Buyers who are not Belongers will need to obtain a Non-Belongers Land Holding Licence (a Licence) to hold the property. For this reason a sale of property to Non-Belonger buyers should always be made conditional on receipt of a Licence. Licence applications are generally made by the buyer’s lawyers, but in order to make the application the lawyers need to be provided with certain information about the buyer together with other supporting documents. A Licence application relates to a specific property and a specific buyer.

A Non-Belonger buyer purchasing undeveloped land will need to submit a proposal for its development as part of the application for the Licence. If the development proposal is approved, the development proposal will be included as a condition in the Licence which the buyer will be expected to comply with. Where the buyer fails to comply with a condition in the Licence, the BVI government may impose a financial penalty.

A Licence will typically be granted with a condition not to undertake any alterations to the property without the consent of the Cabinet of the Virgin Islands. Where a Non-Belonger purchases a developed property and wishes to undertake alterations to it (such as adding bedrooms, bathrooms, a gazebo or swimming pool) the buyer should include details of their proposals as part of the application for the Licence, to avoid the need to make a further application for the required consent after completion.

The application process for a Licence typically takes approximately 3-5 months. A sale and purchase agreement will typically provision for 12 months to allow sufficient time for the buyer to secure the Licence. If the Licence is not secured within this timeframe the sale and purchase agreement will typically allow the parties to agree an extension of time, or for either party to terminate, in which case the buyer secures the return of the deposit.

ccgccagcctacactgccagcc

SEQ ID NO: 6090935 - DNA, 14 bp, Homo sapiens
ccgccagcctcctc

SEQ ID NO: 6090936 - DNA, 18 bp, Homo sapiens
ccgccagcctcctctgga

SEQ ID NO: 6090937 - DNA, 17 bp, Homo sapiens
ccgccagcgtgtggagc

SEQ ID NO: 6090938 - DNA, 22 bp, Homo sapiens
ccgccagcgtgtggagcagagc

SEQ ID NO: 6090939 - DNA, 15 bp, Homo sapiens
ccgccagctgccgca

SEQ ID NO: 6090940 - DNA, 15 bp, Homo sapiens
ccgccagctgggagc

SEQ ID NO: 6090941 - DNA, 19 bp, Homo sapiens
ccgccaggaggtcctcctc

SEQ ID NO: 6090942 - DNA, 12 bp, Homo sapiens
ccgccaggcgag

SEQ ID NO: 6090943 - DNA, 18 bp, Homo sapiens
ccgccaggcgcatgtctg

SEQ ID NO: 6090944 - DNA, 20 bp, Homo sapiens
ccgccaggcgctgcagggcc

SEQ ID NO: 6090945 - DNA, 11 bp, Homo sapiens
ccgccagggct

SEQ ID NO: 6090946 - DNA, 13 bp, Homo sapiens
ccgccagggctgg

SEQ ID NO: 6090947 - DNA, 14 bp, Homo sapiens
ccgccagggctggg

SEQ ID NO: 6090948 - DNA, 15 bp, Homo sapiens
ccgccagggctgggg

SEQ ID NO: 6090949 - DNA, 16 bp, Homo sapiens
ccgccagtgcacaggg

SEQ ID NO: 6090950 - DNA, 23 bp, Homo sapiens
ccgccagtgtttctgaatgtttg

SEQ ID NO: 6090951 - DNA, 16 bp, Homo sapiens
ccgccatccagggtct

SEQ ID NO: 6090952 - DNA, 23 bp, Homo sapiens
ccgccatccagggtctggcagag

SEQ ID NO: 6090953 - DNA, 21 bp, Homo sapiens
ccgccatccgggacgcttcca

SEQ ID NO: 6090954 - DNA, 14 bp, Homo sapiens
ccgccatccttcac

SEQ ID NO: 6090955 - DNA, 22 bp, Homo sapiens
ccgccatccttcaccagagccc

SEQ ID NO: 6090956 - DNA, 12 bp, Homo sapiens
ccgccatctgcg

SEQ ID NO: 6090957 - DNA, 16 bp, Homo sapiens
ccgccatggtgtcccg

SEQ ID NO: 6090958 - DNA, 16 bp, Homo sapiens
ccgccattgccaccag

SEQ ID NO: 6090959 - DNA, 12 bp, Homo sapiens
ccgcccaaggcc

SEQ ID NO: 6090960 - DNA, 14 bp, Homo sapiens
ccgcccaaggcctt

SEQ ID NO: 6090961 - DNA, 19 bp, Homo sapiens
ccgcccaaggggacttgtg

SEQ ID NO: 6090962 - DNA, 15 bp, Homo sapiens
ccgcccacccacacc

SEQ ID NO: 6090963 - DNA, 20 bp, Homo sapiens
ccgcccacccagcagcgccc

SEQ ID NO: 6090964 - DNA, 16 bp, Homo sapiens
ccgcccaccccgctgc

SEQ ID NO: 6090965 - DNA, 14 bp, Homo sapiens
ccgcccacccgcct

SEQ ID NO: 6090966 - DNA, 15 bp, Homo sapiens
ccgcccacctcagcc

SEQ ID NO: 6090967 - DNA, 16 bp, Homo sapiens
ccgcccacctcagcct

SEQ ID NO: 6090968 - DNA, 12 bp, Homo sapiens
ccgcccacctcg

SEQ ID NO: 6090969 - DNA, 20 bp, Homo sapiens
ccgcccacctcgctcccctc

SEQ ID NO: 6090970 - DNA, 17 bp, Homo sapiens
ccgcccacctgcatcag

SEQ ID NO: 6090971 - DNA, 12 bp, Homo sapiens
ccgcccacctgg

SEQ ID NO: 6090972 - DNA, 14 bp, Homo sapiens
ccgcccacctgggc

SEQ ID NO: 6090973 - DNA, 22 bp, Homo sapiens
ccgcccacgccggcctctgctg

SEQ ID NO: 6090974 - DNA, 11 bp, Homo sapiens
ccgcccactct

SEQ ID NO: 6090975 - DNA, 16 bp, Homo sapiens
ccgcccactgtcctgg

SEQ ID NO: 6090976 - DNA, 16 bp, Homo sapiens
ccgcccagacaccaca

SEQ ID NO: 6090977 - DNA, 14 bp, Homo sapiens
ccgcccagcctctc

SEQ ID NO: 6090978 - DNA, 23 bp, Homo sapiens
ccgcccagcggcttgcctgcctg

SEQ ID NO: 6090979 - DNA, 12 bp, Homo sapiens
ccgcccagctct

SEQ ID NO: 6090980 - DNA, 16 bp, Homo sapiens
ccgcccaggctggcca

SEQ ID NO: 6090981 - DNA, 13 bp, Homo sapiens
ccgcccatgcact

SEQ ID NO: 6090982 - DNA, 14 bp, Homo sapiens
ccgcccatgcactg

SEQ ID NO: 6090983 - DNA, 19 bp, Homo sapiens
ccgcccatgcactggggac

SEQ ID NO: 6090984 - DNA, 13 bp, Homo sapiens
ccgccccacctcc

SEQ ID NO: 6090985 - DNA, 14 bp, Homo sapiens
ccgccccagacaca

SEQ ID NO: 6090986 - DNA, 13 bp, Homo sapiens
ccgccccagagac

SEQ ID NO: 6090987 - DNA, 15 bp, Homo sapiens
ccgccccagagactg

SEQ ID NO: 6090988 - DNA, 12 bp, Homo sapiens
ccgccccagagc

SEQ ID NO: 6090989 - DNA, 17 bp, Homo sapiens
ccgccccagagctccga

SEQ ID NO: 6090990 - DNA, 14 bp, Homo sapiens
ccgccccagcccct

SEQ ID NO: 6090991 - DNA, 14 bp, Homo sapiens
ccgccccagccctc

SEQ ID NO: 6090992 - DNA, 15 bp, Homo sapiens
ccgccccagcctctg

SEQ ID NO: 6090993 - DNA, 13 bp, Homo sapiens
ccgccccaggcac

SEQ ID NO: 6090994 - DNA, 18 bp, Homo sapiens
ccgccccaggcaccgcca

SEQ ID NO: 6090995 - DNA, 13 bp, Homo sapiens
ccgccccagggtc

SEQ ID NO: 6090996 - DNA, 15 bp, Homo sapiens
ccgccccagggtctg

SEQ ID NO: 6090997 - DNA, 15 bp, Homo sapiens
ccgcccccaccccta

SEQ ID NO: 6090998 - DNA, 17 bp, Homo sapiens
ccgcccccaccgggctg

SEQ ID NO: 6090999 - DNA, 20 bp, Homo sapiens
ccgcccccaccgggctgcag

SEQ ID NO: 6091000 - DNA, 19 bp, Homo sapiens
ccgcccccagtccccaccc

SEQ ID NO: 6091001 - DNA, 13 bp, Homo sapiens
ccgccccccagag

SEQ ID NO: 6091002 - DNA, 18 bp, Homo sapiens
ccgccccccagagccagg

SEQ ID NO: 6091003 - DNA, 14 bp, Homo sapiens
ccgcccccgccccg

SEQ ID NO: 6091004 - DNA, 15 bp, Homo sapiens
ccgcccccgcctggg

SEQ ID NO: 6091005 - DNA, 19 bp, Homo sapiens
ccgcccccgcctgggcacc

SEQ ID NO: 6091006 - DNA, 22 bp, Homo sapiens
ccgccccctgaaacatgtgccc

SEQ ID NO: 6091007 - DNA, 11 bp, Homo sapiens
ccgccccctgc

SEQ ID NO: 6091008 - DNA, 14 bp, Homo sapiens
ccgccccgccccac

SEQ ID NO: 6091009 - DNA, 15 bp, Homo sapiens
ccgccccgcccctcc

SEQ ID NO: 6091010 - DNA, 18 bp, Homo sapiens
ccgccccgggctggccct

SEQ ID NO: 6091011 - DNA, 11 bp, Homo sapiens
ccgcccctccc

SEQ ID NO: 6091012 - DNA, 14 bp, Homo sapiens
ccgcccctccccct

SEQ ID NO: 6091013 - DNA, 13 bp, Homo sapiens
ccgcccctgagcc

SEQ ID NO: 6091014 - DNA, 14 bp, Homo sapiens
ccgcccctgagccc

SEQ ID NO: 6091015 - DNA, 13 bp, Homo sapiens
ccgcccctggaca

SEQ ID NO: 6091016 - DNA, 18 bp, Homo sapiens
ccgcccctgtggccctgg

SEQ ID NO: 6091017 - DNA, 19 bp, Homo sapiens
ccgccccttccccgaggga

Completion is usually arranged to take place within a specific time after the last of the conditions in the sale and purchase agreement has been satisfied. Upon completion the seller and the buyer sign an Instrument of Transfer which records the transfer of the property from the seller to the buyer. If the buyer is borrowing money to fund the purchase of the property then the buyer will need to sign loan documentation at completion. The balance of the purchase price is payable at completion. It is generally upon completion that the buyer takes possession of the property.

After completion

Immediately after completion, the buyer’s lawyers will present the Instrument of Transfer to Inland Revenue for payment of stamp duty. Stamp duty is calculated as a percentage of the higher of the purchase price and the market value of the property. For Belongers this is 4 per cent and for Non-Belongers this is 12 per cent. In each case a copy of a recent appraisal must be submitted as evidence of the market value. After stamp duty has been paid and the Instrument of Transfer stamped, the buyer’s lawyers will submit the Instrument of Transfer for registration at the Land Registry. After completion the buyer will need to ensure that any accounts for utilities are transferred to the buyer’s name.

Personal Attendance

None of the legal procedures requires the personal attendance in the BVI of the buyer or seller.